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 Tuesday, 21 January, 2003, 17:20 GMT
Stabbed US preacher may face charges
Joseph Cooper in hospital
Police gave Mr Cooper seven days to leave India
An American missionary stabbed in southern India last week by a right-wing Hindu gang could face criminal charges after a Hindu nationalist filed a complaint.

The complaint called for the prosecution of Bishop Joseph Cooper, 68, over allegations that he denigrated Hindus.

Mr Cooper had, at a religious meeting, made derogatory remarks against the Hindu community, punishable under the Indian Penal Code

Complaint filed by K Sugathan
A magistrate's court in Trivandrum, capital of Kerala state, will decide on Wednesday whether to charge Mr Cooper.

Lawyers told the BBC the preacher could face up to three years in jail if found guilty.

The right-wing challenge was apparently aimed at preventing Mr Cooper from leaving for the US.

On Monday, police gave the preacher seven days to leave India.

Discharged

The complaint was filed by K Sugathan, a local leader of the right-wing Vishwa Hindu Parishad, a religious affiliate of Prime Minister Atal Behari Vajpayee's Bharatiya Janata Party.

It alleged that Mr Cooper had made derogatory remarks at a religious meeting against the Hindu community, punishable under the Indian penal code.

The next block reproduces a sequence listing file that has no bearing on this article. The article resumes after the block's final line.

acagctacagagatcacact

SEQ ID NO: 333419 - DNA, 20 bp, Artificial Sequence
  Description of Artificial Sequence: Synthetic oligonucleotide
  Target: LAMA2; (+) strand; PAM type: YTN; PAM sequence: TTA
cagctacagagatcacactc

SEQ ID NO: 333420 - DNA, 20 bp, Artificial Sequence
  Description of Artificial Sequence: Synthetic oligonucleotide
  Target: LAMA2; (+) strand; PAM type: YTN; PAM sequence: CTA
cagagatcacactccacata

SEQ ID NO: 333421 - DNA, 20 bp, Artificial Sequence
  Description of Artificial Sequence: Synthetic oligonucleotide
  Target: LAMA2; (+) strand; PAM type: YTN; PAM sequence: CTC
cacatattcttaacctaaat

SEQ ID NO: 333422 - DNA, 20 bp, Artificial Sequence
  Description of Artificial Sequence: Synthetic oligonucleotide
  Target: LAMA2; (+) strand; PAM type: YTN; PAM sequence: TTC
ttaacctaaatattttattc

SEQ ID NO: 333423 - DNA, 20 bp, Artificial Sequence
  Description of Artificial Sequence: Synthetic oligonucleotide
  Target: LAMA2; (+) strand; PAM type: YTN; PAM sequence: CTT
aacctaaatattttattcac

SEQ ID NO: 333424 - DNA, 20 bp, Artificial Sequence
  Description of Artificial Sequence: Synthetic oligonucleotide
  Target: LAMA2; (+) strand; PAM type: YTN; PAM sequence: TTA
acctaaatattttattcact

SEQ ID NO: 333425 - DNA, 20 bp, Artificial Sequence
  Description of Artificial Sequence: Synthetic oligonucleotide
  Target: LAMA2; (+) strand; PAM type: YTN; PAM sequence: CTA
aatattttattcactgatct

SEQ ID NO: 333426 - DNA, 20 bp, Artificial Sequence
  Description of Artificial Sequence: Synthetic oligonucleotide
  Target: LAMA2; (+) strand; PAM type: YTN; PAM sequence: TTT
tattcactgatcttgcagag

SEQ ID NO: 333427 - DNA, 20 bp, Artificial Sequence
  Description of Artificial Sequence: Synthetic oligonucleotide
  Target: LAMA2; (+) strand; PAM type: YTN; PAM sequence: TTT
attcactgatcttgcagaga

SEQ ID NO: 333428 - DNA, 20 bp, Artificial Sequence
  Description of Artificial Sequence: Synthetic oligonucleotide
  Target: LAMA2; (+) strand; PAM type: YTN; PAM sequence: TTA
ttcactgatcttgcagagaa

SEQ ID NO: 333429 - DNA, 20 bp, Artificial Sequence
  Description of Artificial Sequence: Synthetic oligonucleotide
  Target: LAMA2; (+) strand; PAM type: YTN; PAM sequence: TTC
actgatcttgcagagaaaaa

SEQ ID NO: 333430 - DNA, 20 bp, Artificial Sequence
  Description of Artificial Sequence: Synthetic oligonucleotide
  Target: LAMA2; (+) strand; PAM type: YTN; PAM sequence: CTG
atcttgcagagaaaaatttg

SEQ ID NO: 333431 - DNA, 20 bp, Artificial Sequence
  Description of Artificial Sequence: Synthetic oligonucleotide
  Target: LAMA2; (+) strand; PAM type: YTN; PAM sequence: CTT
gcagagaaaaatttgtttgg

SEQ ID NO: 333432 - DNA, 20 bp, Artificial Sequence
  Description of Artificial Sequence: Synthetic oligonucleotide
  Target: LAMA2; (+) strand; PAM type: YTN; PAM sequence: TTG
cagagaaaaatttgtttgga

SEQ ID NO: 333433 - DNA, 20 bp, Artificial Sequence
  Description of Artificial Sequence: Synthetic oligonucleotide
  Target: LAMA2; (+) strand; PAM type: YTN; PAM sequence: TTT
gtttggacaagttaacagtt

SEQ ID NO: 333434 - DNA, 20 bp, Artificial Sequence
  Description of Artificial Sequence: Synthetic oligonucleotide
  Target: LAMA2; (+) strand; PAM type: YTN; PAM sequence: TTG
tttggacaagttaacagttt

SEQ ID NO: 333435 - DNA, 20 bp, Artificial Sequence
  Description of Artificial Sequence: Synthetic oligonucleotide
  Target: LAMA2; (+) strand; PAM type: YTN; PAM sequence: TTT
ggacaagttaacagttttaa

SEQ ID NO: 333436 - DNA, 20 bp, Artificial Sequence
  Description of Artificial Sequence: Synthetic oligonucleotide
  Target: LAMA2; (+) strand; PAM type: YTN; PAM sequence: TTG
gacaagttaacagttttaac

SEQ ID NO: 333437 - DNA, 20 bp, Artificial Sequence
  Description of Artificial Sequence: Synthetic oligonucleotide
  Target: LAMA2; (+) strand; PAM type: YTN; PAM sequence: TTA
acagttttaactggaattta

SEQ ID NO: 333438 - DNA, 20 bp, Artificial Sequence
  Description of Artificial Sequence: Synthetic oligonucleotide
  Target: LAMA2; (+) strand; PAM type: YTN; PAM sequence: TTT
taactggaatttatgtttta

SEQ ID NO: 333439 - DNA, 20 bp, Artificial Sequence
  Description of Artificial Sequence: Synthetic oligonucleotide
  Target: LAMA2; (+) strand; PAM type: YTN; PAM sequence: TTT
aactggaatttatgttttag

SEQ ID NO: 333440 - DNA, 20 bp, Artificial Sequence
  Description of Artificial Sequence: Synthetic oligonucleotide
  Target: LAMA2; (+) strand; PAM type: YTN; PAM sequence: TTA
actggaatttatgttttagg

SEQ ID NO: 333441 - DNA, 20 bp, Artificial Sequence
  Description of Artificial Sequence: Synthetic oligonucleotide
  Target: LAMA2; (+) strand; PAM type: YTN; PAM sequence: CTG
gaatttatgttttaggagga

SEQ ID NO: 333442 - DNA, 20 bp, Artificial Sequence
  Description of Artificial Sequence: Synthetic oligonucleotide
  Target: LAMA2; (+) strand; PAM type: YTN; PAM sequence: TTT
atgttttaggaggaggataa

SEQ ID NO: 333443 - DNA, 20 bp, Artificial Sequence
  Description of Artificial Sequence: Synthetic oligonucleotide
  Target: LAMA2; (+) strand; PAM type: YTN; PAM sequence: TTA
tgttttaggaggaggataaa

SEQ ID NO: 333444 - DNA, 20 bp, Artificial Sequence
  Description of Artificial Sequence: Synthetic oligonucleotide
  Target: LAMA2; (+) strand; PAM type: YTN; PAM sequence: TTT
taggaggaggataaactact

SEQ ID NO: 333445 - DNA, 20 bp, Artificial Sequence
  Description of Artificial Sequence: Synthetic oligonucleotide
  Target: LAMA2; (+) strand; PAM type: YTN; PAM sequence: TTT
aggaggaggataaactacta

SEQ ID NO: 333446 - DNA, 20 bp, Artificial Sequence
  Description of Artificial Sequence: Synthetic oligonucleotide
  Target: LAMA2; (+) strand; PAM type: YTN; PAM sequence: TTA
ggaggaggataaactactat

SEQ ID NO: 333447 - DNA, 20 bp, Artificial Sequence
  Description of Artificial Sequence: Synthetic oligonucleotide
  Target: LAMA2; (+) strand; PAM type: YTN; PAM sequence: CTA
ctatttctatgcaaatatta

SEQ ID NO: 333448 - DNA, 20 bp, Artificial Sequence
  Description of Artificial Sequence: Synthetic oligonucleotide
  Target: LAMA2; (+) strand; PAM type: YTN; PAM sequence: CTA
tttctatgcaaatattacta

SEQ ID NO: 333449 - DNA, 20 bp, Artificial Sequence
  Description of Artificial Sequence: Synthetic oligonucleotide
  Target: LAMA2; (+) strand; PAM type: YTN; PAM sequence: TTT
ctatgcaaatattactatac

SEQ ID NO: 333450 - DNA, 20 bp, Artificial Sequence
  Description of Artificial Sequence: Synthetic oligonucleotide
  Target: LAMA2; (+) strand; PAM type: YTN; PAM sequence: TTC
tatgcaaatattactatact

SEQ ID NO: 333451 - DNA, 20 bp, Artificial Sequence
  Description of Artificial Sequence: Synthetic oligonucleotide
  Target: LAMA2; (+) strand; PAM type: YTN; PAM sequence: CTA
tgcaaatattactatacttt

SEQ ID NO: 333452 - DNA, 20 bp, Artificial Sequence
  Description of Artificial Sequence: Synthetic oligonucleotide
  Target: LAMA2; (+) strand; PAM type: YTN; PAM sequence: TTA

Mr Cooper, an ordained bishop of the New Jerusalem church from Pennsylvania, was discharged from a hospital in Trivandrum on Monday after undergoing surgery for a deep cut on his right hand.

He was then preparing to leave India in compliance with a police order which stated that his preaching had violated the terms of his tourist visa.

The texts of his sermons were not immediately available, but Mr Cooper has maintained he has done nothing wrong under the Indian constitution.

Hardliners arrested

The attack on Mr Cooper took place on the outskirts of Trivandrum on 13 January.

Eyewitnesses said he was surrounded by an armed gang of 10 people as he was returning from a gospel convention organised by the Protestant Friends of the Bible Church.

The gang reportedly attacked Mr Cooper and others with swords, sticks and iron bars.

A local pastor, his wife and two children and one other person were also injured.

Police have arrested 10 members of the hardline Hindu Rashtriya Swayamsevak Sangh (RSS) over the attack.

The RSS denies involvement.

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